China CPI gains in May but underlying pressures limited

Food prices fell by 1.6% over the same period, courtesy of a 12.8% plunge in pork prices, a staple of the Chinese diet.

It was the fastest year-on-year expansion since January this year, but still well below the 3% level targeted by the People's Bank of China.

Excluding volatile food and energy prices, the core CPI increased 2.1 percent year on year in May, which was the same as the previous month. The CPI rose 1.5 percent y/y in May compared with 1.2 percent in April, as the decline in food prices eased. Prices were expected to gain 5.6 percent in May. Purchasing prices climbed 8 per cent compared with 9 per cent the prior month.

NBS attributed the pick-up in CPI to higher non-food prices, which grew 2.3 percent year on year in May.

Analysts polled by Reuters had predicted May producer price inflation would be at 5.7 percent on an annual basis.

"We think consumer price inflation will remain fairly stable over the coming quarters thanks to a further recovery in food price inflation".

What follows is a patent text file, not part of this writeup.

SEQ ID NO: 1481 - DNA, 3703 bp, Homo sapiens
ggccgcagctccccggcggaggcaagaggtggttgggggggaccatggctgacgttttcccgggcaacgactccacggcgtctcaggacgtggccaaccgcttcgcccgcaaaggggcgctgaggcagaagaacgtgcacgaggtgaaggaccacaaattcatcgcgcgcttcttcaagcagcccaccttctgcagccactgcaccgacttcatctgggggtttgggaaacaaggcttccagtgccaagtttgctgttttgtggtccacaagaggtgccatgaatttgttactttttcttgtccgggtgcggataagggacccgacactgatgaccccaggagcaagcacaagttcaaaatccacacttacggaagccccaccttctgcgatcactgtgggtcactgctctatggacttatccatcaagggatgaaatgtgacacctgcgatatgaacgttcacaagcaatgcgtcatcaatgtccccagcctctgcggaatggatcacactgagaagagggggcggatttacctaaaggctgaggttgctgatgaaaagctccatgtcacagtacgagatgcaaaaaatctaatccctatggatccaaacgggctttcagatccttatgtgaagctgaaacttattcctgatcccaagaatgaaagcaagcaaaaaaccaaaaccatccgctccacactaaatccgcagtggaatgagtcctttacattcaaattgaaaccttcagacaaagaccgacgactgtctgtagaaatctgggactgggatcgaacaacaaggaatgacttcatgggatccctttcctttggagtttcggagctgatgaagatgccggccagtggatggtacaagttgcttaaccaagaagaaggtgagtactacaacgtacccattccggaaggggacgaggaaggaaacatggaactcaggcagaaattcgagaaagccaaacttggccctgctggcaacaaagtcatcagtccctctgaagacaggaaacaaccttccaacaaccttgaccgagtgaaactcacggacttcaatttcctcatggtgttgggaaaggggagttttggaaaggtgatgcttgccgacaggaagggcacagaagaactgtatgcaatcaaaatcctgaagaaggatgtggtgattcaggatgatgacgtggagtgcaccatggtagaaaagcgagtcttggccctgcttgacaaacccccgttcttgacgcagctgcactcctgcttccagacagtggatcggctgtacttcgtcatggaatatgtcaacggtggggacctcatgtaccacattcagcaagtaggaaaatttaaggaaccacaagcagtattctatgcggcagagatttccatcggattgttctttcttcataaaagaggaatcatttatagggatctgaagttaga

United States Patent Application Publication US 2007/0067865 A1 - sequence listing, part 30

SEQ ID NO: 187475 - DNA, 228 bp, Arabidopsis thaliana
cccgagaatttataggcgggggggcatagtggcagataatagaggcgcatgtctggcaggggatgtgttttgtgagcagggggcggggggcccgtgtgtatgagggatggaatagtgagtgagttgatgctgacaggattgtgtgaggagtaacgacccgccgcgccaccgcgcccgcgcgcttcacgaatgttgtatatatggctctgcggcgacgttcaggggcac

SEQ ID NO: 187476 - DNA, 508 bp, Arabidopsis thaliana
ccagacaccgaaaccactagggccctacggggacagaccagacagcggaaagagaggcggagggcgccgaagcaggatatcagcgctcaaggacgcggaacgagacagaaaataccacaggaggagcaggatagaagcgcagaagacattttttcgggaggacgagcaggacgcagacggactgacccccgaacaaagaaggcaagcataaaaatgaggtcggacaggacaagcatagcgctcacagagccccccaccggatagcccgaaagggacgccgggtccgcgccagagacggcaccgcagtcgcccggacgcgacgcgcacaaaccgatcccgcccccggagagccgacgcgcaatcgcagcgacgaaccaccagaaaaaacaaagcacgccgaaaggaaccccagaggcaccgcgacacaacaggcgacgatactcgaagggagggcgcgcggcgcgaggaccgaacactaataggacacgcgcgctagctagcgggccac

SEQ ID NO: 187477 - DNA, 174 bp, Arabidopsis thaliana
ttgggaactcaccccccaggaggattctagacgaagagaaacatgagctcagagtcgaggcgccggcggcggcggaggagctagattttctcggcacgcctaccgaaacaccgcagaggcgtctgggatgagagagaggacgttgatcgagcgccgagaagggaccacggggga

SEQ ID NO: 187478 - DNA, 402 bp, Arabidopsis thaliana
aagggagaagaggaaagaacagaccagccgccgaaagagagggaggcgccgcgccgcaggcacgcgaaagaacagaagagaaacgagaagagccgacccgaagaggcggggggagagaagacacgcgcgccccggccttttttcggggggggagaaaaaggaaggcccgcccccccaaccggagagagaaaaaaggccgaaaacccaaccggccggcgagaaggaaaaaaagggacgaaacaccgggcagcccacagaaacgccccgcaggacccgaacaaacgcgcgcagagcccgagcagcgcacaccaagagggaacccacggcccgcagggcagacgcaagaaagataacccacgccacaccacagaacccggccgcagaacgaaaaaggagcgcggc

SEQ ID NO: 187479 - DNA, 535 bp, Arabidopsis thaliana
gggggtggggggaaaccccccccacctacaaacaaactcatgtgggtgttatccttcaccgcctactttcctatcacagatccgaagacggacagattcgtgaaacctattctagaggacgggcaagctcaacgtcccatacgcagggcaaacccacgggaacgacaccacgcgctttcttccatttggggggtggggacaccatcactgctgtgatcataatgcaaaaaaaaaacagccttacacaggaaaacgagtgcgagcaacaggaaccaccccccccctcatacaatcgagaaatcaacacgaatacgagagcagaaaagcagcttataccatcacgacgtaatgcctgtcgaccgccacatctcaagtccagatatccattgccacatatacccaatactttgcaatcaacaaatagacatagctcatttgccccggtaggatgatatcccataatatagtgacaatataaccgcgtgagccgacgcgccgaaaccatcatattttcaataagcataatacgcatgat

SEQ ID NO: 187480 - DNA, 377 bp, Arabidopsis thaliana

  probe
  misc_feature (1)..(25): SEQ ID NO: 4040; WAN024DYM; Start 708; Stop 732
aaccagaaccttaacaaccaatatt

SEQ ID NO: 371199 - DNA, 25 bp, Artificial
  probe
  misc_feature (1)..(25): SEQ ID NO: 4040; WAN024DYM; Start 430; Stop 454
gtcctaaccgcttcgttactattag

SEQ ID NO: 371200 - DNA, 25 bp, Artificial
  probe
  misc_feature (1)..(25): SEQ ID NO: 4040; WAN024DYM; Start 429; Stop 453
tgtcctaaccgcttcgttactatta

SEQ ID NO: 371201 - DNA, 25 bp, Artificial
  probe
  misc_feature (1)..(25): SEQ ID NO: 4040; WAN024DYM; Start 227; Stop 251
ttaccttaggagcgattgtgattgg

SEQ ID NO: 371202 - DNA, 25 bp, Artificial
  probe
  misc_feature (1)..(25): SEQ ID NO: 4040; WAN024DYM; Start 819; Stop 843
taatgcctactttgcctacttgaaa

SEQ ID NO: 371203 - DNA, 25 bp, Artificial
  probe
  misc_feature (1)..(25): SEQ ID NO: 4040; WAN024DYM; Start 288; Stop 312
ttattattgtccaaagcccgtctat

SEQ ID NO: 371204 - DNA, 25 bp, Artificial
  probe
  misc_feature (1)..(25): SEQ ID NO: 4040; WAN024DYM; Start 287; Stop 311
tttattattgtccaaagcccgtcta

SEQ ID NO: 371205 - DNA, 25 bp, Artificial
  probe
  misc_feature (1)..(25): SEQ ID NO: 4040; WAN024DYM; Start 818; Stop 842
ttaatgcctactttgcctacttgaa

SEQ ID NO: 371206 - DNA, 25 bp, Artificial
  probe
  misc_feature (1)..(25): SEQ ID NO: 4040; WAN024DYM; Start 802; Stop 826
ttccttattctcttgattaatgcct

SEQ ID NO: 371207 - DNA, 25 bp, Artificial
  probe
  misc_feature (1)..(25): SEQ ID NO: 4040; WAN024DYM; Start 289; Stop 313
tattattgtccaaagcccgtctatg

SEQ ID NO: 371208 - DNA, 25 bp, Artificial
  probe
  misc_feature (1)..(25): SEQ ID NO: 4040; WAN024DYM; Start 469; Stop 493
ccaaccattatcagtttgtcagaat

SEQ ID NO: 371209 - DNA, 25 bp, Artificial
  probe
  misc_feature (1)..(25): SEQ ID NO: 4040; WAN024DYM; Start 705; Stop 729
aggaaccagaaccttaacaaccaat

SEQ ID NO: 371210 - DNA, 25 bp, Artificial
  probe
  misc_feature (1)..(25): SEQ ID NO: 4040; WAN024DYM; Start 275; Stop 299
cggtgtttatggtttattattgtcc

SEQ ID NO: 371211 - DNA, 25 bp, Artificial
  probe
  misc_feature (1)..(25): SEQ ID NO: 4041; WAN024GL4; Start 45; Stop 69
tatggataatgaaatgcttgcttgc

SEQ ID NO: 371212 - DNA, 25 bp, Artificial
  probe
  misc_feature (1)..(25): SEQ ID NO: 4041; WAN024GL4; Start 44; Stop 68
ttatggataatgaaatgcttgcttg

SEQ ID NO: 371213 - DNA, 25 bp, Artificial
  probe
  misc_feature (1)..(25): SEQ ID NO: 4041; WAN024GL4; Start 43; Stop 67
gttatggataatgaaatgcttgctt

Another report from NBS showed that producer price inflation slowed notably to 5.5 percent in May from 6.4 percent in April.

But while consumer prices edged higher, upstream price pressures continued to weaken - an outcome that may have implications for inflationary pressures worldwide in the months ahead. This was the second consecutive drop in prices.

China's economy, a vital engine of global growth, expanded 6.7% for all of past year, the slowest rate in a quarter of a century. The benchmark Shanghai Composite Index rose 0.26 percent to close at 3,158.40 points.

Deng Haiqing, chief economist with JZ Securities, said mild CPI growth would give policy makers more scope to contain debt and financial risk.

China has shifted away from a relatively loose monetary policy that helped growth over the past years, gradually guided interbank lending rates higher and tightened supervision on non-performing assets, shadow banking and local government financing.

  • Zachary Reyes